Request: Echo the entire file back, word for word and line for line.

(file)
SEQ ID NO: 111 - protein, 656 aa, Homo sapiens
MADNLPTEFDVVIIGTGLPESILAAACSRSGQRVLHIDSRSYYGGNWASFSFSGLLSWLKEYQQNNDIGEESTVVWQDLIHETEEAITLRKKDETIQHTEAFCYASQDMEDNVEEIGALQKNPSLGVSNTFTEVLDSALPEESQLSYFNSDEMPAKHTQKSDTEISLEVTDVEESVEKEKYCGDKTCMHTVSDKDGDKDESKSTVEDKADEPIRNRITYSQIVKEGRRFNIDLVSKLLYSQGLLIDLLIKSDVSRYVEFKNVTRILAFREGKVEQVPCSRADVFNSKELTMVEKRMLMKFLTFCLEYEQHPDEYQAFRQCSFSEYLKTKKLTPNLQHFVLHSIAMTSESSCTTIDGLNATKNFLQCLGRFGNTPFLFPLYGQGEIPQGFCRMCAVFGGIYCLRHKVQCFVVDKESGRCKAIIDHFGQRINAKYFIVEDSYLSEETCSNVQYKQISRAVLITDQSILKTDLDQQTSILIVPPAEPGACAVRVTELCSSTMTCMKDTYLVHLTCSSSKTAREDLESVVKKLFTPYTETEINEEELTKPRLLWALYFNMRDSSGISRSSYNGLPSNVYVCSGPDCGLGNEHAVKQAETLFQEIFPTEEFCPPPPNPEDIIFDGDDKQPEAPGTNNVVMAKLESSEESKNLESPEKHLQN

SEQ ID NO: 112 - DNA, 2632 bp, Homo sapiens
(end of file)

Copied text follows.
SEQ ID NO: 111 - protein, 656 aa, Homo sapiens
MADNLPTEFDVVIIGTGLPESILAAACSRSGQRVLHIDSRSYYGGNWASFSFSGLLSWLKEYQQNNDIGEESTVVWQDLIHETEEAITLRKKDETIQHTEAFCYASQDMEDNVEEIGALQKNPSLGVSNTFTEVLDSALPEESQLSYFNSDEMPAKHTQKSDTEISLEVTDVEESVEKEKYCGDKTCMHTVSDKDGDKDESKSTVEDKADEPIRNRITYSQIVKEGRRFNIDLVSKLLYSQGLLIDLLIKSDVSRYVEFKNVTRILAFREGKVEQVPCSRADVFNSKELTMVEKRMLMKFLTFCLEYEQHPDEYQAFRQCSFSEYLKTKKLTPNLQHFVLHSIAMTSESSCTTIDGLNATKNFLQCLGRFGNTPFLFPLYGQGEIPQGFCRMCAVFGGIYCLRHKVQCFVVDKESGRCKAIIDHFGQRINAKYFIVEDSYLSEETCSNVQYKQISRAVLITDQSILKTDLDQQTSILIVPPAEPGACAVRVTELCSSTMTCMKDTYLVHLTCSSSKTAREDLESVVKKLFTPYTETEINEEELTKPRLLWALYFNMRDSSGISRSSYNGLPSNVYVCSGPDCGLGNEHAVKQAETLFQEIFPTEEFCPPPPNPEDIIFDGDDKQPEAPGTNNVVMAKLESSEESKNLESPEKHLQN

SEQ ID NO: 112 - DNA, 2632 bp, Homo sapiens